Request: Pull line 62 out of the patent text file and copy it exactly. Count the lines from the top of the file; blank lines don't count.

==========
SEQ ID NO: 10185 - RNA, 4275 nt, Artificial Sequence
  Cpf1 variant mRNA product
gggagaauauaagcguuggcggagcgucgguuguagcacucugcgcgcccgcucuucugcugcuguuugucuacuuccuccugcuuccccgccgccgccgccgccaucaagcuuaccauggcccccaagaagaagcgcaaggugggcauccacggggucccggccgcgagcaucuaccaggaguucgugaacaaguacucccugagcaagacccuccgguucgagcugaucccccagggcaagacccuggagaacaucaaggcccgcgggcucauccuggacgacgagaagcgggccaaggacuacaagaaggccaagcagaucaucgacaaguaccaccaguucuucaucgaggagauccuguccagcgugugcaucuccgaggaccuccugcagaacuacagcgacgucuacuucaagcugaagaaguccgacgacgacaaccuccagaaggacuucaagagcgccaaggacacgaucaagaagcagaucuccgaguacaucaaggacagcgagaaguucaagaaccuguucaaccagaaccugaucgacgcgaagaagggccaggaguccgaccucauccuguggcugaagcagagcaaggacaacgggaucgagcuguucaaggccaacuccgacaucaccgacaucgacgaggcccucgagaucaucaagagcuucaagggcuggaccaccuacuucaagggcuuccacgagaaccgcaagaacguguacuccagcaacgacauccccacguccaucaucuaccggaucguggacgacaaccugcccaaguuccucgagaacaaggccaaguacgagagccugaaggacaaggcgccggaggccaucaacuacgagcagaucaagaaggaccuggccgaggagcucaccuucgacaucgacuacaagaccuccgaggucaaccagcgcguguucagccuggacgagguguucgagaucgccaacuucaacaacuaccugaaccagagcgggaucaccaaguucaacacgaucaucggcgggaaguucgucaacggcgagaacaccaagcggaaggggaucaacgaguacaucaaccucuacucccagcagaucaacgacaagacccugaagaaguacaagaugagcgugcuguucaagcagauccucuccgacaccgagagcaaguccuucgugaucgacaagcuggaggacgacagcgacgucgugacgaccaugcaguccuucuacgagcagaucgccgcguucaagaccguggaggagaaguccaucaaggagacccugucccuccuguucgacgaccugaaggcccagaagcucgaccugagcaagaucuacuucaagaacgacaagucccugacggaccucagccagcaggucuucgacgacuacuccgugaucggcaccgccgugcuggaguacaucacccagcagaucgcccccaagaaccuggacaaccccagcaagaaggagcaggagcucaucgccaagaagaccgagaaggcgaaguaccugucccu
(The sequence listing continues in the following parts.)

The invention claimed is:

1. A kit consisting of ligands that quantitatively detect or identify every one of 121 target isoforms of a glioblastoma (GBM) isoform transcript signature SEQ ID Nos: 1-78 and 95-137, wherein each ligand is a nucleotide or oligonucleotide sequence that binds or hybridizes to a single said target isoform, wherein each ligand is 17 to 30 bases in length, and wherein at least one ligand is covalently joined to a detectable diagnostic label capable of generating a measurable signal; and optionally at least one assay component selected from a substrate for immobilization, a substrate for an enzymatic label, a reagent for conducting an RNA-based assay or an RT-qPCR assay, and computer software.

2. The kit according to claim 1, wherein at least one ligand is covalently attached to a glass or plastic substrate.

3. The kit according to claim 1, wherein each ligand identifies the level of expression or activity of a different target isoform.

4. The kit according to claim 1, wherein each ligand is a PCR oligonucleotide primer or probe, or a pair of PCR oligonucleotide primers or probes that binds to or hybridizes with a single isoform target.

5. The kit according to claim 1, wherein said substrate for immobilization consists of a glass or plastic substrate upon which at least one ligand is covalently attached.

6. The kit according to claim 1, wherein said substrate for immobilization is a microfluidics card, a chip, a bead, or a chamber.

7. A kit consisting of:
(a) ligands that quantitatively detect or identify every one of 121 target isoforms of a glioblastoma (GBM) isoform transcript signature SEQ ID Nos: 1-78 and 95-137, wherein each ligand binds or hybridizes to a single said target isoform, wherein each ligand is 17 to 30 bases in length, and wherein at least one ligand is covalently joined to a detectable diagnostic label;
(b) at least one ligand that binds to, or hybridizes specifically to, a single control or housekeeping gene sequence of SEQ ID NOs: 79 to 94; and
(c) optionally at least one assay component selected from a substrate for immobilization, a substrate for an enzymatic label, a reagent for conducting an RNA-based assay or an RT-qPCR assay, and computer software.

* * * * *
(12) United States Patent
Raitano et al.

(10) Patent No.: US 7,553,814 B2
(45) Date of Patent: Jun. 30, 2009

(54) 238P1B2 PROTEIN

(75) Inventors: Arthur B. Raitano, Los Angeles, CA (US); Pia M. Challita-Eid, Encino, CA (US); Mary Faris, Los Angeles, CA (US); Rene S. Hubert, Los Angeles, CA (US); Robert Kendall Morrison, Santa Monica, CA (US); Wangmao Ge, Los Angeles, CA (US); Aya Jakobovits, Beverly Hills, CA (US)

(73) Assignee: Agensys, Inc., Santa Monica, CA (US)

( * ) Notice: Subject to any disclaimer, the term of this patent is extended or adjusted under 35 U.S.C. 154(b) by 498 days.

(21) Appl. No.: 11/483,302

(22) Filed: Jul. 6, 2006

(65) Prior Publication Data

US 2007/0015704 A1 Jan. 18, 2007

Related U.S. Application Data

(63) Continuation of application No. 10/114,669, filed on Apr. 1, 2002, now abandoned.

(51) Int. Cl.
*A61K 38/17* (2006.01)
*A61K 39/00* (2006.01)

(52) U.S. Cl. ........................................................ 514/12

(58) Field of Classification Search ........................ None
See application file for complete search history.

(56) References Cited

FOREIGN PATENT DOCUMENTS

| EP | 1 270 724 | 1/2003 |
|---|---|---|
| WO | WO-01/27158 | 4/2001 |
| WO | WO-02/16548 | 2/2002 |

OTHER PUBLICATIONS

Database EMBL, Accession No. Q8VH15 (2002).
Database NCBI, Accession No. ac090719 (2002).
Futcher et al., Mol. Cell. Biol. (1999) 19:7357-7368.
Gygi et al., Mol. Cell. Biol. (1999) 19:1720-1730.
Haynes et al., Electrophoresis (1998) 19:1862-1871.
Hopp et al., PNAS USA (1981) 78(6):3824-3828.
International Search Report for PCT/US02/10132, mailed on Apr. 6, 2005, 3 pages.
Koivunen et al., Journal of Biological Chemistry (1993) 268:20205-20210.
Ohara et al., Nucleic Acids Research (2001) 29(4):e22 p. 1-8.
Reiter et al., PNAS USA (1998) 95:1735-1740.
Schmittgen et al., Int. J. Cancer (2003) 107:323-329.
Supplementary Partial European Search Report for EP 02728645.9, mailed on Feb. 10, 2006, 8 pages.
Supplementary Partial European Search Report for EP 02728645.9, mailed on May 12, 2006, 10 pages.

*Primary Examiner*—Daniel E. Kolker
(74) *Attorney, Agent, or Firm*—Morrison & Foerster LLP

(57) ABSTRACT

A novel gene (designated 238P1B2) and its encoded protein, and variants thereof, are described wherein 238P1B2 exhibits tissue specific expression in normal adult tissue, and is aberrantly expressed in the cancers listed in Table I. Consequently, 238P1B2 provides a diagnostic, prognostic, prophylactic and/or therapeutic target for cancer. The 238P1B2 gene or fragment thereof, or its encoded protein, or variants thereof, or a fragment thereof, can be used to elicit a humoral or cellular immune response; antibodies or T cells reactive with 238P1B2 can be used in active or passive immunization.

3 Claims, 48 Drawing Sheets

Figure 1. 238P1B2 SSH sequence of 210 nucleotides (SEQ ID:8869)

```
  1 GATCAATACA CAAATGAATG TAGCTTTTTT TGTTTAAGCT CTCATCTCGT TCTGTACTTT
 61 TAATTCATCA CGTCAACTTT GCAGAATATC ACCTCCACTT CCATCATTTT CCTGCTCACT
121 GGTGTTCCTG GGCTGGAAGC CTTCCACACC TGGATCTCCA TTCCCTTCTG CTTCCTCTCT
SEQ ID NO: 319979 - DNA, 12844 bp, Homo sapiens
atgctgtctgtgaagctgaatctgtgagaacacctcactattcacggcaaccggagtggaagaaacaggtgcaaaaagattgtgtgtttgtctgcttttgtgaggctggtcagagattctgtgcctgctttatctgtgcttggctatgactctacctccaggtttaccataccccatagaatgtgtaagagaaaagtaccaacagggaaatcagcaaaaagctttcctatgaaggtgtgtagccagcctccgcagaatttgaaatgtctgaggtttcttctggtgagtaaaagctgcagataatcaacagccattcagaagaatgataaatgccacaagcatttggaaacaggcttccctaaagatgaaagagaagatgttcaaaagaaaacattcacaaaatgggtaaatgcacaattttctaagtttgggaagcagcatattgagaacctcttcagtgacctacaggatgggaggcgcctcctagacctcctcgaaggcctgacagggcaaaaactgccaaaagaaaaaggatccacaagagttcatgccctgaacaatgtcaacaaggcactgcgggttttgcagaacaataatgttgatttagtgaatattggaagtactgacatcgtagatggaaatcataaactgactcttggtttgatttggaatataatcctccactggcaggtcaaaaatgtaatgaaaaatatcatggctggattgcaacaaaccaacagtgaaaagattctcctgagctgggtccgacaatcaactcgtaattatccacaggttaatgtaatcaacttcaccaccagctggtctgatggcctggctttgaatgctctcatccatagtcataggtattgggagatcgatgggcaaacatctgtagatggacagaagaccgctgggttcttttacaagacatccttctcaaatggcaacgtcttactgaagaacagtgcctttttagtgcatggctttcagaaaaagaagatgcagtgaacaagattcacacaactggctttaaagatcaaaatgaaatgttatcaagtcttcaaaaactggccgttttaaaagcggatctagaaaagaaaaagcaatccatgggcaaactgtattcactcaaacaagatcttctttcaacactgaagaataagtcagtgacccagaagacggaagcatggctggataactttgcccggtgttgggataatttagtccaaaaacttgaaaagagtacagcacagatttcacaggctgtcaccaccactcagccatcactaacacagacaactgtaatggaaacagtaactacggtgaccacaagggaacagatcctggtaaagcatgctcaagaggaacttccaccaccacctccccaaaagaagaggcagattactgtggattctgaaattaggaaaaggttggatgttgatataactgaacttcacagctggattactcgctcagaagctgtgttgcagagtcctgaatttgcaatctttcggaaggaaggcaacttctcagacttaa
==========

Figure 1. 238P1B2 SSH sequence of 210 nucleotides (SEQ ID:8869)